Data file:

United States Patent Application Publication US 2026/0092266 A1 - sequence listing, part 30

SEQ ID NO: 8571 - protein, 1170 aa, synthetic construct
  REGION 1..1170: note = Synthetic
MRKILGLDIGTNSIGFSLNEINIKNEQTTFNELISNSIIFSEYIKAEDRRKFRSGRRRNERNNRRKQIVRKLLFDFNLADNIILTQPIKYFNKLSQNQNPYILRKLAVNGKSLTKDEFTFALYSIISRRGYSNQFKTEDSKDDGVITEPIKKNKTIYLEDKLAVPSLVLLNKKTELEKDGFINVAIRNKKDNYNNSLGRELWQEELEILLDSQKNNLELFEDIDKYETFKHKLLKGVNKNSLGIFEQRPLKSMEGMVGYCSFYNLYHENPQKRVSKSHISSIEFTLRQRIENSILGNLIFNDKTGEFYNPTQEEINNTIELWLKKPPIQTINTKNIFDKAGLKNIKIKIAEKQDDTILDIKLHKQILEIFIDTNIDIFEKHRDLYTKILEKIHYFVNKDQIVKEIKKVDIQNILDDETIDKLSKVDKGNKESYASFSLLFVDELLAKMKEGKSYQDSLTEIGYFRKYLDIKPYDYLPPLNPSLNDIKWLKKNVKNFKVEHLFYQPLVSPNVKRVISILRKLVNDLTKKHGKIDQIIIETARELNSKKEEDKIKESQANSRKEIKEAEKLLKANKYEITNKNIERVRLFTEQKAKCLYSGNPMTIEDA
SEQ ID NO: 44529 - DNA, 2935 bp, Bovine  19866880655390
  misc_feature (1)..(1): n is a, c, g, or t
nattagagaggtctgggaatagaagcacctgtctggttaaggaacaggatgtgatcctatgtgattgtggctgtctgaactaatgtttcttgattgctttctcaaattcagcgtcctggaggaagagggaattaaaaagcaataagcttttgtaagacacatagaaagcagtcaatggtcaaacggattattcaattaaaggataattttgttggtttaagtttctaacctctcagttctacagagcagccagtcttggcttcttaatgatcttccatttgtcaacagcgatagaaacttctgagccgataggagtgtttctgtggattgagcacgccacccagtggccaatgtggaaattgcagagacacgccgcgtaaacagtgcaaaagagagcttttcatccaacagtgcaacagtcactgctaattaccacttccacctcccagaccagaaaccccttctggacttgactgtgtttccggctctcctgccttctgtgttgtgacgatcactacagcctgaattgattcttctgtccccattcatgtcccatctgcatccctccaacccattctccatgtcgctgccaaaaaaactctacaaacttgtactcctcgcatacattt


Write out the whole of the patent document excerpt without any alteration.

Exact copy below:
United States Patent Application Publication US 2026/0092266 A1 - sequence listing, part 30

SEQ ID NO: 8571 - protein, 1170 aa, synthetic construct
  REGION 1..1170: note = Synthetic
MRKILGLDIGTNSIGFSLNEINIKNEQTTFNELISNSIIFSEYIKAEDRRKFRSGRRRNERNNRRKQIVRKLLFDFNLADNIILTQPIKYFNKLSQNQNPYILRKLAVNGKSLTKDEFTFALYSIISRRGYSNQFKTEDSKDDGVITEPIKKNKTIYLEDKLAVPSLVLLNKKTELEKDGFINVAIRNKKDNYNNSLGRELWQEELEILLDSQKNNLELFEDIDKYETFKHKLLKGVNKNSLGIFEQRPLKSMEGMVGYCSFYNLYHENPQKRVSKSHISSIEFTLRQRIENSILGNLIFNDKTGEFYNPTQEEINNTIELWLKKPPIQTINTKNIFDKAGLKNIKIKIAEKQDDTILDIKLHKQILEIFIDTNIDIFEKHRDLYTKILEKIHYFVNKDQIVKEIKKVDIQNILDDETIDKLSKVDKGNKESYASFSLLFVDELLAKMKEGKSYQDSLTEIGYFRKYLDIKPYDYLPPLNPSLNDIKWLKKNVKNFKVEHLFYQPLVSPNVKRVISILRKLVNDLTKKHGKIDQIIIETARELNSKKEEDKIKESQANSRKEIKEAEKLLKANKYEITNKNIERVRLFTEQKAKCLYSGNPMTIEDA
SEQ ID NO: 44529 - DNA, 2935 bp, Bovine  19866880655390
  misc_feature (1)..(1): n is a, c, g, or t
nattagagaggtctgggaatagaagcacctgtctggttaaggaacaggatgtgatcctatgtgattgtggctgtctgaactaatgtttcttgattgctttctcaaattcagcgtcctggaggaagagggaattaaaaagcaataagcttttgtaagacacatagaaagcagtcaatggtcaaacggattattcaattaaaggataattttgttggtttaagtttctaacctctcagttctacagagcagccagtcttggcttcttaatgatcttccatttgtcaacagcgatagaaacttctgagccgataggagtgtttctgtggattgagcacgccacccagtggccaatgtggaaattgcagagacacgccgcgtaaacagtgcaaaagagagcttttcatccaacagtgcaacagtcactgctaattaccacttccacctcccagaccagaaaccccttctggacttgactgtgtttccggctctcctgccttctgtgttgtgacgatcactacagcctgaattgattcttctgtccccattcatgtcccatctgcatccctccaacccattctccatgtcgctgccaaaaaaactctacaaacttgtactcctcgcatacattt